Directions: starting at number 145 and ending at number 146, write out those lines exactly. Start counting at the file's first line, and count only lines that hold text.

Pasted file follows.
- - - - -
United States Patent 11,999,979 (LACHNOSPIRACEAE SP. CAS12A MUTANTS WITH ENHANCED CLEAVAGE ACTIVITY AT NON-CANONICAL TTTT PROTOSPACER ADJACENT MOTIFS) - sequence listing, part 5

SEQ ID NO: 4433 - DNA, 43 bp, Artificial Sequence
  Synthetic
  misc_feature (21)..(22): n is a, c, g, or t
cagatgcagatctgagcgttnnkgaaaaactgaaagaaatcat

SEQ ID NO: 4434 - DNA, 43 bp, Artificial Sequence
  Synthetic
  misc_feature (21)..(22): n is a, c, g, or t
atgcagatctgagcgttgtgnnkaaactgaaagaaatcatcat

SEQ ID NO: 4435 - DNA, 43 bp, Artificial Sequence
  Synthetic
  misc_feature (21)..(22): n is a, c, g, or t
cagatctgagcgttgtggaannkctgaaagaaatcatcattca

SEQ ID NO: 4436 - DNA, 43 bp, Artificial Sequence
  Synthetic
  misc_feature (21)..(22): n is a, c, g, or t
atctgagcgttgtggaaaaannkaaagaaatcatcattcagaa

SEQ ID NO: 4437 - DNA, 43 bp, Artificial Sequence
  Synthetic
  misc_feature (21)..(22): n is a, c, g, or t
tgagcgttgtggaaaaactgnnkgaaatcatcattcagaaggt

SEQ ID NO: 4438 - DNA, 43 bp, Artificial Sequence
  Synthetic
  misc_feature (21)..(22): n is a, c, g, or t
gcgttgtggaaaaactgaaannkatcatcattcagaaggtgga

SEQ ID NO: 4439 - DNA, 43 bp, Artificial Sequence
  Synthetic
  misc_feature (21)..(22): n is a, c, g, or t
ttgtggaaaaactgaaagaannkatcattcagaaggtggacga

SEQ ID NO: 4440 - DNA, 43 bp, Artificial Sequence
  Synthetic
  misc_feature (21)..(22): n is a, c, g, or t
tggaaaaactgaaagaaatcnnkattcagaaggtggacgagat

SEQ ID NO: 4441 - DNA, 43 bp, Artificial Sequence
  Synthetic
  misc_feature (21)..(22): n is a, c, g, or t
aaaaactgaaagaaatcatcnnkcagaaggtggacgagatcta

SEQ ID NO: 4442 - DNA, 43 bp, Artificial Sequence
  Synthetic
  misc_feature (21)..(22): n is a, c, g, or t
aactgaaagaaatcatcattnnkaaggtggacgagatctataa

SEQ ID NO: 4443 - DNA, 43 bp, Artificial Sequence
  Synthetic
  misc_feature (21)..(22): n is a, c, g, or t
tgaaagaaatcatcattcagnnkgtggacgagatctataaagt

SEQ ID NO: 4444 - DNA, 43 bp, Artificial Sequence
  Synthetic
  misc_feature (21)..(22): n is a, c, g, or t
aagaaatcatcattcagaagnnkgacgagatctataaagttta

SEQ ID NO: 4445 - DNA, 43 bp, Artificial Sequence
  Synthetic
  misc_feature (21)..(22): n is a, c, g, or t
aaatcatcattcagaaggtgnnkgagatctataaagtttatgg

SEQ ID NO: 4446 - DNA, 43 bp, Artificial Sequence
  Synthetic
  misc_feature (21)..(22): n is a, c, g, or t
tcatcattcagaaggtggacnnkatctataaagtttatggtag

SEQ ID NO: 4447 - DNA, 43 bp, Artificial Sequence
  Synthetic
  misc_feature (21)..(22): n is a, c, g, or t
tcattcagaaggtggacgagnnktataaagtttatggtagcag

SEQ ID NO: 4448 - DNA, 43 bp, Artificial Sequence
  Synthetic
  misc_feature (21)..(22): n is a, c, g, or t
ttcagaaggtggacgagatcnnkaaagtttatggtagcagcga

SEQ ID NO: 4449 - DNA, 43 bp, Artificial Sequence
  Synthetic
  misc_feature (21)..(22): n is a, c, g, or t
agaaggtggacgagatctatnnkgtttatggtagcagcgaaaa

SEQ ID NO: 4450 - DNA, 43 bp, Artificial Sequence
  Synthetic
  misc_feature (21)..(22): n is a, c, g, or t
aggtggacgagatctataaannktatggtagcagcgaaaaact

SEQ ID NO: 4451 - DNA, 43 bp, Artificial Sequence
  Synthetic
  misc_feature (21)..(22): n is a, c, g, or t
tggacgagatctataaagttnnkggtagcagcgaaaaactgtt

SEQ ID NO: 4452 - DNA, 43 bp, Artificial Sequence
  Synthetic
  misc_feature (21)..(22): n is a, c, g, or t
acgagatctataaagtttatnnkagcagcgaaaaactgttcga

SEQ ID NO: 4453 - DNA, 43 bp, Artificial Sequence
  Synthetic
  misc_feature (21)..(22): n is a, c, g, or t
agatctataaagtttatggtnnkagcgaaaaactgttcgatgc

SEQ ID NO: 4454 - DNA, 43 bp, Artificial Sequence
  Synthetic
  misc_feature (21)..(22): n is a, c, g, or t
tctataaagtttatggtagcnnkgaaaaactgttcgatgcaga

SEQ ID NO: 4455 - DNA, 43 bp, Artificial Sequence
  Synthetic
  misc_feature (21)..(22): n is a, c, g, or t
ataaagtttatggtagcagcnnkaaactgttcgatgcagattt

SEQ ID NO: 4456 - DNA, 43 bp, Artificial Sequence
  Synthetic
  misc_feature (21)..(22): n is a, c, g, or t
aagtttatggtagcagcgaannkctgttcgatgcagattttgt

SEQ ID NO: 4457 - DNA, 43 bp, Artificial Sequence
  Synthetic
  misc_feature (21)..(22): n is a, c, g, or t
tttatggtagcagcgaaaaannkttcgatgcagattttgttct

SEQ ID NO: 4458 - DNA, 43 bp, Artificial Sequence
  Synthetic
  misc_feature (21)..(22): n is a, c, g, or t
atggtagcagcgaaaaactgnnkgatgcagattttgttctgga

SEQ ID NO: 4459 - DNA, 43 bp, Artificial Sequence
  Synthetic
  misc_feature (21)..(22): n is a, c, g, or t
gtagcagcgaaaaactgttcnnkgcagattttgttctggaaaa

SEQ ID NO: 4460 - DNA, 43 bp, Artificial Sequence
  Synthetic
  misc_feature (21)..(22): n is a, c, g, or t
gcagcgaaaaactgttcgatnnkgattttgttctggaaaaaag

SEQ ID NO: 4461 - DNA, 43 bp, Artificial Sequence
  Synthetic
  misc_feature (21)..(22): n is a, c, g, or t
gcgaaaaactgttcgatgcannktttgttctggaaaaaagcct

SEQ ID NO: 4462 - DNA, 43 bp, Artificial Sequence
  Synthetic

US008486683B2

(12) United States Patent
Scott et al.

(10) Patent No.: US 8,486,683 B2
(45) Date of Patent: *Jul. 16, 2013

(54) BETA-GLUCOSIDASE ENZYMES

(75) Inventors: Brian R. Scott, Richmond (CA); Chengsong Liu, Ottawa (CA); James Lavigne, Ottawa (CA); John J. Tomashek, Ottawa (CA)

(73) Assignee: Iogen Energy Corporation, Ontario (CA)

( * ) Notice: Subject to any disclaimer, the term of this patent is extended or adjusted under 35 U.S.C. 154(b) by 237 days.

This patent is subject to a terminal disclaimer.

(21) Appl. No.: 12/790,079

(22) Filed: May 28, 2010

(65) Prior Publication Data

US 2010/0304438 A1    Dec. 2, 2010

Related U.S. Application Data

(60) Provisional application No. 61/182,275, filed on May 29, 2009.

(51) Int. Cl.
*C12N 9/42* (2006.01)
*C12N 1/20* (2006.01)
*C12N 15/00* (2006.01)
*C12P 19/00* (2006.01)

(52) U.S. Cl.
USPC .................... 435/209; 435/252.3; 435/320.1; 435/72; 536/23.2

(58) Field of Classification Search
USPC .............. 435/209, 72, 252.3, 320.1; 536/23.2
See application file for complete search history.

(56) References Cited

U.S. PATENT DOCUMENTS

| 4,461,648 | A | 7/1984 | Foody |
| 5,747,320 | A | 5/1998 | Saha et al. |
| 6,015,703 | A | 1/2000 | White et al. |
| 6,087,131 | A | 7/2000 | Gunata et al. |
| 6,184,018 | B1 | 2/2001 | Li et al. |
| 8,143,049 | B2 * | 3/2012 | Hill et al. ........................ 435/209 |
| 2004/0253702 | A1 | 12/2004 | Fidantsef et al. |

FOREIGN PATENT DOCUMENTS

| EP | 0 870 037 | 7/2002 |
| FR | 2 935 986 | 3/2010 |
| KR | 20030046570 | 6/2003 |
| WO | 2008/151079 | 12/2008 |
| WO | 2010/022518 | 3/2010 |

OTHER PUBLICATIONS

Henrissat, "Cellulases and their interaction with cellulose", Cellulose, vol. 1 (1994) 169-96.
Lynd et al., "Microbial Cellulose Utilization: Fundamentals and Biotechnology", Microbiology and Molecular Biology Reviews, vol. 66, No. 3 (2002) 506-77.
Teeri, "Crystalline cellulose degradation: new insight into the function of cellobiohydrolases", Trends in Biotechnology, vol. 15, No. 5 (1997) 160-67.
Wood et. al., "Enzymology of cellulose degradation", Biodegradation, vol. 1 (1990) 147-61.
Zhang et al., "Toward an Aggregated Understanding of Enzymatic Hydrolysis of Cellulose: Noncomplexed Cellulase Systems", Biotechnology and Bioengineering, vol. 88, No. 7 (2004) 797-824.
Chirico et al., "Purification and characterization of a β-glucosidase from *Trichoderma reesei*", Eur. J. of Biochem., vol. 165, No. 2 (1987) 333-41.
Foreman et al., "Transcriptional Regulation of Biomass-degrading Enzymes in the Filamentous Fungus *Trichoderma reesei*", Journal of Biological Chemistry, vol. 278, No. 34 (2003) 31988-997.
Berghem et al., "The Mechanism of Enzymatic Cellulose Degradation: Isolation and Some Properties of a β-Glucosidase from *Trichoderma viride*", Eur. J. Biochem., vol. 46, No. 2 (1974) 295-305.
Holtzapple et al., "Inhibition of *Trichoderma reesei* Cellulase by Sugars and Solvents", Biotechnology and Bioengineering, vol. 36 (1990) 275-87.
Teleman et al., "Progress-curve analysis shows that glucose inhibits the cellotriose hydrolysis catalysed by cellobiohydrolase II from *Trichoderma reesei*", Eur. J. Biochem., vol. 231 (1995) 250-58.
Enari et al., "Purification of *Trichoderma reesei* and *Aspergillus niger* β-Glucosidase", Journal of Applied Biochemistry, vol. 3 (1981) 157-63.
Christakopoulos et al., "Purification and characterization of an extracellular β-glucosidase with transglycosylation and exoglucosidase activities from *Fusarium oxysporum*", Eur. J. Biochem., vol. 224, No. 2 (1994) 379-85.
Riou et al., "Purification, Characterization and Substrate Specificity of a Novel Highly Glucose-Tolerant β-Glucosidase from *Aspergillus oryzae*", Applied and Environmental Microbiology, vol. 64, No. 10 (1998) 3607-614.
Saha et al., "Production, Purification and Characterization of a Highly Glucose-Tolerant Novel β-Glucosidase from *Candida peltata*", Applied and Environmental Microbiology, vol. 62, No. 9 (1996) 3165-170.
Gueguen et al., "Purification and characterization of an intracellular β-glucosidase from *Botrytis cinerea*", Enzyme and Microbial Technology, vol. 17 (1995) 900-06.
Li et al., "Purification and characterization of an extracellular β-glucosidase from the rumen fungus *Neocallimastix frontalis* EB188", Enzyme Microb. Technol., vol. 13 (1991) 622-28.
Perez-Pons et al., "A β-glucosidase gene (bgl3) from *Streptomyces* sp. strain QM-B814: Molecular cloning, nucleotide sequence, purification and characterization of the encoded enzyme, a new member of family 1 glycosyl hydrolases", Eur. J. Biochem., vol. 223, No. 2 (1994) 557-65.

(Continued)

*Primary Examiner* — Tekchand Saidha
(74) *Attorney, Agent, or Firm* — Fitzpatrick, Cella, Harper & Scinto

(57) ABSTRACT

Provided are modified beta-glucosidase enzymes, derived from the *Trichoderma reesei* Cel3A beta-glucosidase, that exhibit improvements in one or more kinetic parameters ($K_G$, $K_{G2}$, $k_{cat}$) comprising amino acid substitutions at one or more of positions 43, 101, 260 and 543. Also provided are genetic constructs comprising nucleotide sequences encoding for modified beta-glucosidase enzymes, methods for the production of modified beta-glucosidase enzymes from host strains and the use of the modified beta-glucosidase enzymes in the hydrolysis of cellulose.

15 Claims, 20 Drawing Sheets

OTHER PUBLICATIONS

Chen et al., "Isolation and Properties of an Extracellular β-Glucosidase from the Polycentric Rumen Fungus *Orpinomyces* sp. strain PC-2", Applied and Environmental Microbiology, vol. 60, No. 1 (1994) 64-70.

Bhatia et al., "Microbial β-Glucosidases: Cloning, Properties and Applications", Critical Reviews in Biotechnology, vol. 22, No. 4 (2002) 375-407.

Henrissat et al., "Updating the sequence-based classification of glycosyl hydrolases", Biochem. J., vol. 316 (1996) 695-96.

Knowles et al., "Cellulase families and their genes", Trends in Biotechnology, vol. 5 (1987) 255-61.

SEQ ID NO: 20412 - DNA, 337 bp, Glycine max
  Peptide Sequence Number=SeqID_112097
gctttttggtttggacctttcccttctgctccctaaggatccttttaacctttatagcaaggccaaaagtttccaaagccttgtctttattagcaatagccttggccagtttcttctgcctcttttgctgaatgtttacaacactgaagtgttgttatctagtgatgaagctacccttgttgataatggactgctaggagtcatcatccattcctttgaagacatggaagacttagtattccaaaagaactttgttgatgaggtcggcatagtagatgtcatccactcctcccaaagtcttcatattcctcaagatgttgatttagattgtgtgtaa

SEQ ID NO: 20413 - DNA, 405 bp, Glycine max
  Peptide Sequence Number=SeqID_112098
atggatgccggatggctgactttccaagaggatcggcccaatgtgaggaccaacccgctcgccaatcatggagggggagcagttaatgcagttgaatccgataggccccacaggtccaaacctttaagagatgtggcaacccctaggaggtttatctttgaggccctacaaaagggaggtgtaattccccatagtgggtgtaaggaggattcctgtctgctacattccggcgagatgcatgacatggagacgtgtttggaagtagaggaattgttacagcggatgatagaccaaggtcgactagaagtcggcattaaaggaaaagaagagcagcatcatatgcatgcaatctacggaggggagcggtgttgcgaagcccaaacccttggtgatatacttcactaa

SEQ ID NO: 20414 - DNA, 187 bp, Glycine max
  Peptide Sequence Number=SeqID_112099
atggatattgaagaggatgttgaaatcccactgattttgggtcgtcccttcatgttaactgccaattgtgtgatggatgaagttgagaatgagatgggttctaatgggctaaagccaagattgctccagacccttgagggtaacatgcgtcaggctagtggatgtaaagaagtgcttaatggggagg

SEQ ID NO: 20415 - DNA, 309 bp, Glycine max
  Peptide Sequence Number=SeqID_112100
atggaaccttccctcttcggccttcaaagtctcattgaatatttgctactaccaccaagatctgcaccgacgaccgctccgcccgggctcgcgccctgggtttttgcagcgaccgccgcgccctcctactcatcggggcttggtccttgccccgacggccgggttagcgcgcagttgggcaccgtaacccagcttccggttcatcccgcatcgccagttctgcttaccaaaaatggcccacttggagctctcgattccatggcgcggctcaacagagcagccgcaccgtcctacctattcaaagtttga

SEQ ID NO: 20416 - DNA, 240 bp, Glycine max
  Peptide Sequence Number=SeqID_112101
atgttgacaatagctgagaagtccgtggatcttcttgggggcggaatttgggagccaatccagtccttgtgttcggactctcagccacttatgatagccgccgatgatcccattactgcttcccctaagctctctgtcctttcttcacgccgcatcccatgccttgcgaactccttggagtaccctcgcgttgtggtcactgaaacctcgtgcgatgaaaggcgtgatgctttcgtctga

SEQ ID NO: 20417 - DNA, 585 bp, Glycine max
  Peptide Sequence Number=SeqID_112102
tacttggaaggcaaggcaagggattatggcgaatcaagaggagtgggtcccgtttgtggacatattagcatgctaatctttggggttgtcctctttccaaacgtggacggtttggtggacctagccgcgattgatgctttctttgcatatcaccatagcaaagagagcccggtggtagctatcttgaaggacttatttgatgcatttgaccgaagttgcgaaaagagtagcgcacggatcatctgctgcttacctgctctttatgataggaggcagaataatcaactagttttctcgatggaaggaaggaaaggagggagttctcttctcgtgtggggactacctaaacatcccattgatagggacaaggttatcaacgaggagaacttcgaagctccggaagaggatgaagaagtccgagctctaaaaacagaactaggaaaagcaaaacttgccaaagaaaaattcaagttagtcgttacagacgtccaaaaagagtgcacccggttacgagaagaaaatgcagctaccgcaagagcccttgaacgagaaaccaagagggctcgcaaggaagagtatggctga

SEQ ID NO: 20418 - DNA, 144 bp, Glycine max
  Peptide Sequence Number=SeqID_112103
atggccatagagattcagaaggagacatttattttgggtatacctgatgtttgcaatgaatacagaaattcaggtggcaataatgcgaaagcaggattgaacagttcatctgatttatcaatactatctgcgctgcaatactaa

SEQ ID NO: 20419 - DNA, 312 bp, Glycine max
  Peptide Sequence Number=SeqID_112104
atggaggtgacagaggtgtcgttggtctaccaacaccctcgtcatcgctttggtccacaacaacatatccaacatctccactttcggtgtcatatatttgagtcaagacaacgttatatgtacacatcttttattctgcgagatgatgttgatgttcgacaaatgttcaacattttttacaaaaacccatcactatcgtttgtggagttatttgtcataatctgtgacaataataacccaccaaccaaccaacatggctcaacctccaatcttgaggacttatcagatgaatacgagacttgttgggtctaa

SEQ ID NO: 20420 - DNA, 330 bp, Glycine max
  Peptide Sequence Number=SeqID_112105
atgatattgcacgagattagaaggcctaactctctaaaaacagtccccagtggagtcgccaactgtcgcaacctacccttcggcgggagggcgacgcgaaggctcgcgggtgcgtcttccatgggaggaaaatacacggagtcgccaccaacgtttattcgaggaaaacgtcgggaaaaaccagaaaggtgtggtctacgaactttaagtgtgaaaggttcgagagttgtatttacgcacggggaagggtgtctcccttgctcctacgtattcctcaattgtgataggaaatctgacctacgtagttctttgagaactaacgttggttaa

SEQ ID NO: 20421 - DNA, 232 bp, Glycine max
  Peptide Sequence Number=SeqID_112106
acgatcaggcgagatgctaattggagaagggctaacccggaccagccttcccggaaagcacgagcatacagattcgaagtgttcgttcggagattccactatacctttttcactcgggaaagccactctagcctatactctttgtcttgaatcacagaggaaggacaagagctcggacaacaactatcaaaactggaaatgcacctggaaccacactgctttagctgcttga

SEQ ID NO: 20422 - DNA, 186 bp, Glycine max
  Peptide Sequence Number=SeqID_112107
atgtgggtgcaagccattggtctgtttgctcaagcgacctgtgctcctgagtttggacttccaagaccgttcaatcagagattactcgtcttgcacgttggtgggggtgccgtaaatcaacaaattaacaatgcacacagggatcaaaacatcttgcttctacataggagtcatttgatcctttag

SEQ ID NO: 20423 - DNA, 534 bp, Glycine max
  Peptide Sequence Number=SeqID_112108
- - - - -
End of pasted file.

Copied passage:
See application file for complete search history.

(56) References Cited